ELEC3050 HCS12 Lab4 Digilent

ELEC3050 HCS12 Lab4 Digilent - ELEC3040/ 3050 Lab Manual...

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ELEC3040/ 3050 Lab Manual Lab 4 Revised 9/7/2011 4-1 LAB 4: INTERRUPT PROCESSING IN C INTRODUCTION The previous labs worked with simple input/output (I/O) devices using program- controlled I/O ; the programs continuously monitored each “device” to determine when to take action. The primary disadvantage of using this approach to handle I/O devices is that the CPU spends considerable amounts of time scanning devices to see if they require attention, whether or not there is any device activity. The purpose of this lab is to learn how to design C programs for the MC9S12C32 (HCS12) microcontroller to handle devices in interrupt-driven I/O mode. This allows the CPU to perform tasks other than monitoring the devices, since devices will signal the CPU via interrupt request signals when they require attention. Interrupt-driven I/O is used heavily in embedded system applications, with interrupt signals coming from external devices, data acquisition hardware, timers, etc. For this introductory lab, we will simulate the operation of two external devices by using switches to issue interrupt requests. The application program will comprise a main task, which runs continuously, and two interrupt service routines, which are executed when interrupt requests are detected. HCS12 INTERRUPTS (Review of ELEC 2220 Material) External Interrupt Pins and Interrupt Masks The HCS12 CPU has a number of built-in functions that can issue interrupt request signals, including timers, analog to digital converter, communication modules, etc. In addition to these internally-generated signals, the HCS12 has two input pins that can be used by external devices to signal interrupt requests: IRQ# (Interrupt Request on pin PE1) and XIRQ# (Non-Maskable Interrupt – on pin PE0); refer to the microcontroller pin assignments in the Lab 2 writeup. IRQ# is an active-low signal that can be configured, via bit IRQE (bit 7) of the IRQ Control Register, INTCR (shown in Figure 1), as either a level-sensitive or edge-sensitive input. If configured as level-sensitive (IRQE=0), the CPU is interrupted if and only if the line is low at the time the CPU samples it (the CPU samples all interrupt request signals at the conclusion of each executed instruction). Therefore, IRQ# must (1) be driven low to request an interrupt, (2) remain low until the CPU acknowledges the interrupt request, and then (3) return high to prevent triggering additional interrupts. Multiple interrupt sources may be connected to IRQ# , so that if two devices request interrupts simultaneously, one device may continue to hold the line low while the other is being serviced, and thus interrupt the CPU when it finishes with the first device. If IRQ# is configured as edge-sensitive (IRQE=1), then a falling edge (high-to-low transition) on the pin sets an internal flip flop, which remains set until the CPU responds. Therefore, one need not be concerned about the CPU missing the request. Since the internal flip-flop is edge triggered, the device must return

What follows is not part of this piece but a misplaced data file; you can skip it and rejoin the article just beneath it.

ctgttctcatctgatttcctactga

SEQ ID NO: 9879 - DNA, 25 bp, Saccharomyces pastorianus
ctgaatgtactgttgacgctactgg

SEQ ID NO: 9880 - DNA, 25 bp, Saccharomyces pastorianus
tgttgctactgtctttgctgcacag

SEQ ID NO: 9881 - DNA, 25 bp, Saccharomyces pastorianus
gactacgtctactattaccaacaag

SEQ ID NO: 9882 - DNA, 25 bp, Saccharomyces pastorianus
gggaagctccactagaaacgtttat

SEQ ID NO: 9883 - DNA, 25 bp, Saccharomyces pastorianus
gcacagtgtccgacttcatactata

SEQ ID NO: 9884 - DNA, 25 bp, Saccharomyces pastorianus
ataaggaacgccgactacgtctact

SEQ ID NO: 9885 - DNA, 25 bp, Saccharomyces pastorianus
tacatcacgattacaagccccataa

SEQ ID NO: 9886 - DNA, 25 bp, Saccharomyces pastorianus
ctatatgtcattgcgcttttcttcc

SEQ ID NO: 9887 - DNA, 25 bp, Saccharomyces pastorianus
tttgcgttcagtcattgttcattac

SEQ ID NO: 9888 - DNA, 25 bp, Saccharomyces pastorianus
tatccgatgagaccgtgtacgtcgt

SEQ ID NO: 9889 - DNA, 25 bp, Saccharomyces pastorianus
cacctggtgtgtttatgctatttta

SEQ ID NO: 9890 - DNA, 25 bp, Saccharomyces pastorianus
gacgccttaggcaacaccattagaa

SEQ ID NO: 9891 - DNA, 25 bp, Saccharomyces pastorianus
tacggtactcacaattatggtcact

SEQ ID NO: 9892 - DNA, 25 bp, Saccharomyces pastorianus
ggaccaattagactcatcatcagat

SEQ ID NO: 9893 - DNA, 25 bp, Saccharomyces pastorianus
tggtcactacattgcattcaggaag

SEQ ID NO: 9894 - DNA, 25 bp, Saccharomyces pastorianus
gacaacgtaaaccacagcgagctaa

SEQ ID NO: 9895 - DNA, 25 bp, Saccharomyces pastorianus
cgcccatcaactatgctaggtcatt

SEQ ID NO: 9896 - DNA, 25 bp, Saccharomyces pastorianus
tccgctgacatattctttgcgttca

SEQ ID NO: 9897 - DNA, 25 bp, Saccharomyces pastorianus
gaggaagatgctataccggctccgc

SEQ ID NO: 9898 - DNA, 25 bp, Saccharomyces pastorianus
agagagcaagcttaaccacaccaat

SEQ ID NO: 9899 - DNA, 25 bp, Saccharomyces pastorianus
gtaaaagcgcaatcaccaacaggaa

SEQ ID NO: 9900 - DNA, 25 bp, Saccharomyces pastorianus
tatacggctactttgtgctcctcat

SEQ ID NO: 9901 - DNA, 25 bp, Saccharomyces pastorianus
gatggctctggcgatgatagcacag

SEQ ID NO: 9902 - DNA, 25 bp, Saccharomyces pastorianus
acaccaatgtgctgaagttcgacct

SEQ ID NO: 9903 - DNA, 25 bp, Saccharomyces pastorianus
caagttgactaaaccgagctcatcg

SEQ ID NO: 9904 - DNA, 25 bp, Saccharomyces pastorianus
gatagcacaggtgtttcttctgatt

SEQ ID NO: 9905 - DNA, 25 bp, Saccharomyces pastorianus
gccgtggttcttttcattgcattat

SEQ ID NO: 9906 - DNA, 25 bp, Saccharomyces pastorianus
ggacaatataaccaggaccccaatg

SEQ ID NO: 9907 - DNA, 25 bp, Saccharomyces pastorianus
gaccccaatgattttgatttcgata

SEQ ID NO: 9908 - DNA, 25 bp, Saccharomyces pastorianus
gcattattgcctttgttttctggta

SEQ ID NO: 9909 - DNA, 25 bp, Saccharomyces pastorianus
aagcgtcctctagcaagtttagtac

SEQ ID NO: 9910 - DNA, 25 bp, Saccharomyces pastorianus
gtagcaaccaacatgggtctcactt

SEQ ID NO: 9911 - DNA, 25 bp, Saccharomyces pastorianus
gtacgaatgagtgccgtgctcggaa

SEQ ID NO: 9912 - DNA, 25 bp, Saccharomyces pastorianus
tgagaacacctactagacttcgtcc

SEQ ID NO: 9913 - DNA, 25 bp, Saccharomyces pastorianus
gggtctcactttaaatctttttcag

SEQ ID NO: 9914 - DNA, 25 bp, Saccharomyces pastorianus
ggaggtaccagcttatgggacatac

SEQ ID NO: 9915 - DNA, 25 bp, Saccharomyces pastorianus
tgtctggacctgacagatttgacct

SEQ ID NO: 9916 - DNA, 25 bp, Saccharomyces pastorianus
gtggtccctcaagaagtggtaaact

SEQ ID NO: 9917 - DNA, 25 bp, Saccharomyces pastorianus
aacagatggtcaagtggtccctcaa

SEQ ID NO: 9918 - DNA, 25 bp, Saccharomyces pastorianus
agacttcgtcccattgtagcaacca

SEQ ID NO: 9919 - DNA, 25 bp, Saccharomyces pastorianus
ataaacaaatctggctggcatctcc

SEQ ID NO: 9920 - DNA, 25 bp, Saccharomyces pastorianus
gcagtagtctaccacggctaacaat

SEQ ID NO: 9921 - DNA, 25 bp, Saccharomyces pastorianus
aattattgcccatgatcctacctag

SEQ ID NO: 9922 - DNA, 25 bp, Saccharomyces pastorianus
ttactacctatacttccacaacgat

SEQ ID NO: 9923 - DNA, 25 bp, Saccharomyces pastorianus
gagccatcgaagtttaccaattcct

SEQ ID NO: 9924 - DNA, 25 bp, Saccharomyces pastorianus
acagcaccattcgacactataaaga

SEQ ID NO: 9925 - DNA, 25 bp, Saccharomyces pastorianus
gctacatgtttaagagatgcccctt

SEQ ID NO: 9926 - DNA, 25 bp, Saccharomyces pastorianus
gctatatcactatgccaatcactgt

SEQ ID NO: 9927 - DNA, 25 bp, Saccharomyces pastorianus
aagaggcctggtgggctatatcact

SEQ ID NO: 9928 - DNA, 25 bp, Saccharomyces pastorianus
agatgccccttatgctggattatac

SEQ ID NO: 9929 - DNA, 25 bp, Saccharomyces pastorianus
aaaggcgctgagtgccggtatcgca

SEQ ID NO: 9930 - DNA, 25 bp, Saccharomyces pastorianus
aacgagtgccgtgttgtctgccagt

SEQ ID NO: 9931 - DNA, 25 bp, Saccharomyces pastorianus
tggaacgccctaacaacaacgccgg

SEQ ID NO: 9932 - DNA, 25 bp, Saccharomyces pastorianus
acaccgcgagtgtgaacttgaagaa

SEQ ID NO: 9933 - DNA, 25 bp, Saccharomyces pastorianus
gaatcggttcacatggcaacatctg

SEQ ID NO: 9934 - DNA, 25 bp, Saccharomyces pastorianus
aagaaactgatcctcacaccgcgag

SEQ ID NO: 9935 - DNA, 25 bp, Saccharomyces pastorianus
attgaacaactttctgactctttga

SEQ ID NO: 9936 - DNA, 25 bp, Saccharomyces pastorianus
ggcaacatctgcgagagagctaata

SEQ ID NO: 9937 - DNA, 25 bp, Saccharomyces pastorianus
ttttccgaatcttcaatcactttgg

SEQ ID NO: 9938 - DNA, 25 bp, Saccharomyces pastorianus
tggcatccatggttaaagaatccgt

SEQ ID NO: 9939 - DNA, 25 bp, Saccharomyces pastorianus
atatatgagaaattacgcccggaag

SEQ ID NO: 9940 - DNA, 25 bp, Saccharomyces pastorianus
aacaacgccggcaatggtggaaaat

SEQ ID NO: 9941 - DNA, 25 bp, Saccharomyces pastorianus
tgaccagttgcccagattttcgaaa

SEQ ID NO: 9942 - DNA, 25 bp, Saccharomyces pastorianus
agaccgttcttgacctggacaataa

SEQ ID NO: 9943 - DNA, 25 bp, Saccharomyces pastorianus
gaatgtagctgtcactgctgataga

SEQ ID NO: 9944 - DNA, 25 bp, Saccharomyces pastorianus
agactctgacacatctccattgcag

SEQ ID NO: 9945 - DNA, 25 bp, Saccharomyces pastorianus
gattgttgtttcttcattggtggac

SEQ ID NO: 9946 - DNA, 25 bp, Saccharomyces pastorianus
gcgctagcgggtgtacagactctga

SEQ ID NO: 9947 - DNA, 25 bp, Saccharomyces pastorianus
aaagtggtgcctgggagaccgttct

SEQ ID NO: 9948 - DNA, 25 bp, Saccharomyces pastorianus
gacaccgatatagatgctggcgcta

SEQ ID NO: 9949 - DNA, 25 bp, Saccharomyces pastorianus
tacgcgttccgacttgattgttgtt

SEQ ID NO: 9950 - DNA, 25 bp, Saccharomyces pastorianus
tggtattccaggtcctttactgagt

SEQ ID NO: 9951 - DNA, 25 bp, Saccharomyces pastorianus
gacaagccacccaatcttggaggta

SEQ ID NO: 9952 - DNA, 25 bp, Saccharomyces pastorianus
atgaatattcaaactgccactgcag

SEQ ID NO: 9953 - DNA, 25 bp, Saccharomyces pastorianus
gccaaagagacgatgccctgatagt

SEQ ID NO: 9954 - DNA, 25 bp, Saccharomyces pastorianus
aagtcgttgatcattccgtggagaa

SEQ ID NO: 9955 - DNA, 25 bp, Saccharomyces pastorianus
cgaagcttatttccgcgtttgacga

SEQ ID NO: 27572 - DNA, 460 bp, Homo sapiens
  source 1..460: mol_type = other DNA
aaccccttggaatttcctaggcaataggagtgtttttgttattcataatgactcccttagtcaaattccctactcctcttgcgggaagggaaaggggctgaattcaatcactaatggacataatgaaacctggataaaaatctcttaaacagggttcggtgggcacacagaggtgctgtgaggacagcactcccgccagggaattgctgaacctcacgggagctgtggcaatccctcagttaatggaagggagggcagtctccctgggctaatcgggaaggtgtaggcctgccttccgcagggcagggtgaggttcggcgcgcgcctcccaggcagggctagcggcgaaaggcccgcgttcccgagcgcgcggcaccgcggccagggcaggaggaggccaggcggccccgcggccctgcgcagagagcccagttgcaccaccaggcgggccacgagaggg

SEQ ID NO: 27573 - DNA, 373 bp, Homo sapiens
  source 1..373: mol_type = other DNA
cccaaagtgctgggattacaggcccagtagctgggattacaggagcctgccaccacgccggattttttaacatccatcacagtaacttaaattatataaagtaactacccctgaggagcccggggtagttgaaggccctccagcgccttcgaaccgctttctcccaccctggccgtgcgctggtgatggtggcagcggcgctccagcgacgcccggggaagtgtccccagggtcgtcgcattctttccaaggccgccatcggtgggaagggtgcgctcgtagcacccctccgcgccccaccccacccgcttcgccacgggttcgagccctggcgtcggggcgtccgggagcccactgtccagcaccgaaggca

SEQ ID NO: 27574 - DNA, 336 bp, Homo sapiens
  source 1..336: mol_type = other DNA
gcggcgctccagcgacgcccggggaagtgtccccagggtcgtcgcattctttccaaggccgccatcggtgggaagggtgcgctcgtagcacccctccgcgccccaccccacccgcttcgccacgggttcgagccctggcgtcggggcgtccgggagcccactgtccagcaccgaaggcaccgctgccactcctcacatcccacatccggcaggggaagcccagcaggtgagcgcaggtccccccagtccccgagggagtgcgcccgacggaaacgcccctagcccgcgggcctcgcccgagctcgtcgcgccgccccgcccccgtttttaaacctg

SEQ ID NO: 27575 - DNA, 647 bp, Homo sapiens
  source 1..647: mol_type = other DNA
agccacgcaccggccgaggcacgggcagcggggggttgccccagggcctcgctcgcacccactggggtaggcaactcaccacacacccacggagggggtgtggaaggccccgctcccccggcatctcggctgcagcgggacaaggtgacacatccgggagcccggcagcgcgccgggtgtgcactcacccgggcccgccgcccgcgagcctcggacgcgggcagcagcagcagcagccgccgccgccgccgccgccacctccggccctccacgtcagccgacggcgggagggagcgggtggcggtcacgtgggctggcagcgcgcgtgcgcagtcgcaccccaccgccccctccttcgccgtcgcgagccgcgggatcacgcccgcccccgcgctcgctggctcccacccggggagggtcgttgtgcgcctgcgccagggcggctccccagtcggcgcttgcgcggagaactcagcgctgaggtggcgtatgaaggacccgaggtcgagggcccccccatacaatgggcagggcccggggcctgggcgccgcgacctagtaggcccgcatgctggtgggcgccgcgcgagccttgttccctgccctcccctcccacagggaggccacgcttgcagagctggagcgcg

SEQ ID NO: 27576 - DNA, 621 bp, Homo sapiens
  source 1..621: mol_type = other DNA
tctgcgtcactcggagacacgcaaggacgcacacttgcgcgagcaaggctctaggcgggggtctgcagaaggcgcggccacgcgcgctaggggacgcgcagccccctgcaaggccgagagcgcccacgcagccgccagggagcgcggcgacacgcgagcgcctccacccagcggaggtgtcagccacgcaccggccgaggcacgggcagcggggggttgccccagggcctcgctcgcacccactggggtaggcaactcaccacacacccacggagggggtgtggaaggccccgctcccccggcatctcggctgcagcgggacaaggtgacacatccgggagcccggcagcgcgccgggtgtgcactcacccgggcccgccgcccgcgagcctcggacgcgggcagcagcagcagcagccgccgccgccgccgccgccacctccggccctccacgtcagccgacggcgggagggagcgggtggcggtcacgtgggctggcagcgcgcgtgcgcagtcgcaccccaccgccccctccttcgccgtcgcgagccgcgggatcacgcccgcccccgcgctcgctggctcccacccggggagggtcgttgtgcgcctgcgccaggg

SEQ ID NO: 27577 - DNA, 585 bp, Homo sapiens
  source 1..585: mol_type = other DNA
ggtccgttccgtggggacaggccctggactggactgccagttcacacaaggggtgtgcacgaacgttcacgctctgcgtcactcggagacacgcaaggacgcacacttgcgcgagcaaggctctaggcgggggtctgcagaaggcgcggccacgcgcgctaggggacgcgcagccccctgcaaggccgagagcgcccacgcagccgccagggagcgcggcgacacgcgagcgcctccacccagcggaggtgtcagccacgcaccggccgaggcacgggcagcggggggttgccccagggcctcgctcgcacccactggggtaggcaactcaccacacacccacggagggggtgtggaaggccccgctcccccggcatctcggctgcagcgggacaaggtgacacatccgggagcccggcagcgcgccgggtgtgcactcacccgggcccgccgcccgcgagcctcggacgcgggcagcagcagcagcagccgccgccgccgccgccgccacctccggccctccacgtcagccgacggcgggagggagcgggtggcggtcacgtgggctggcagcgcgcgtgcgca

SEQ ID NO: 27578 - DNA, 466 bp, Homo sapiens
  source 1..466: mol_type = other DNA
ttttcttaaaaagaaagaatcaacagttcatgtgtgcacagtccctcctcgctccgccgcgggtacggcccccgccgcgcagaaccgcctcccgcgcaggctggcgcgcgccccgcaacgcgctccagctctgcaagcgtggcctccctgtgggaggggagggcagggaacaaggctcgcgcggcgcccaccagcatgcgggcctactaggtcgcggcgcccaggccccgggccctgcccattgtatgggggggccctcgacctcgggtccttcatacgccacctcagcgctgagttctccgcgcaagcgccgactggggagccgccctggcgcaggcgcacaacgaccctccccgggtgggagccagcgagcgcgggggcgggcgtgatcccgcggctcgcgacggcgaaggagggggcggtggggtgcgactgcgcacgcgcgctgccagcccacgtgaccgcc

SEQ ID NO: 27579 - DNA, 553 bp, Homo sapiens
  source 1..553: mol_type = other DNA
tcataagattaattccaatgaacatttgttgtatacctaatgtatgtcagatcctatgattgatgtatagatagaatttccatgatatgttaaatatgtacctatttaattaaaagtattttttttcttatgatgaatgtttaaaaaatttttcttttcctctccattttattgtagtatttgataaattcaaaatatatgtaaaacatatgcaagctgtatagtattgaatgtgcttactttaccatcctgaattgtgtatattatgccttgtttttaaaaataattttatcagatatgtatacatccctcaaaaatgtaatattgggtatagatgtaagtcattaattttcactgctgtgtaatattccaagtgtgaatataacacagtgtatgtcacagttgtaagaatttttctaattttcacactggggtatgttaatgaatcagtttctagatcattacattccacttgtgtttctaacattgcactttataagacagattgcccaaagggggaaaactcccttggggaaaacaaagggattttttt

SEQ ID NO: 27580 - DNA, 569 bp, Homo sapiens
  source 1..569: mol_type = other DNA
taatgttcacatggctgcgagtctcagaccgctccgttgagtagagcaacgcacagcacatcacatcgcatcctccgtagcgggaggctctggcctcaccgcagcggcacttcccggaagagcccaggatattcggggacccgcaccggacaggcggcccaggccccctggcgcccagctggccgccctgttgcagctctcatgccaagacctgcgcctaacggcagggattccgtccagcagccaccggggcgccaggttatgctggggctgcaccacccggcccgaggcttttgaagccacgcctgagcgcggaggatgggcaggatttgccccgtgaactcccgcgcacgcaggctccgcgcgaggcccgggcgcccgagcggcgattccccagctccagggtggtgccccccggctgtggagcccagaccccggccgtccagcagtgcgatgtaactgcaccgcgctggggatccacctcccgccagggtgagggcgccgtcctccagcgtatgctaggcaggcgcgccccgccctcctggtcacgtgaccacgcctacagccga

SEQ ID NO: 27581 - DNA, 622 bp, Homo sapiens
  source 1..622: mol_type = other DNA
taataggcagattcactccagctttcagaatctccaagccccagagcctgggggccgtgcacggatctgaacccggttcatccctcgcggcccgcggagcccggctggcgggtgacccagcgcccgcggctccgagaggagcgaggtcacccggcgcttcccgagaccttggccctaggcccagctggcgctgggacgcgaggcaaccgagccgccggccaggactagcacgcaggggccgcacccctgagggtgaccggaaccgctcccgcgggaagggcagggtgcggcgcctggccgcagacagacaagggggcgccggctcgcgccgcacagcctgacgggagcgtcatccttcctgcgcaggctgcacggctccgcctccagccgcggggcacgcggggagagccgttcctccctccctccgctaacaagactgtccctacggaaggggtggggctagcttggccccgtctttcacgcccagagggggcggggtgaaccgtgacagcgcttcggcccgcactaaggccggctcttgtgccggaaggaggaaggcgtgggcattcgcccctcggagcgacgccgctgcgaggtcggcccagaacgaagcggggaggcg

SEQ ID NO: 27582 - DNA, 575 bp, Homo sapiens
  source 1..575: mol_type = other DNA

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This note was uploaded on 09/23/2011 for the course ELEC 3040 taught by Professor Staff during the Fall '08 term at Auburn University.

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ELEC3050 HCS12 Lab4 Digilent - ELEC3040/ 3050 Lab Manual...

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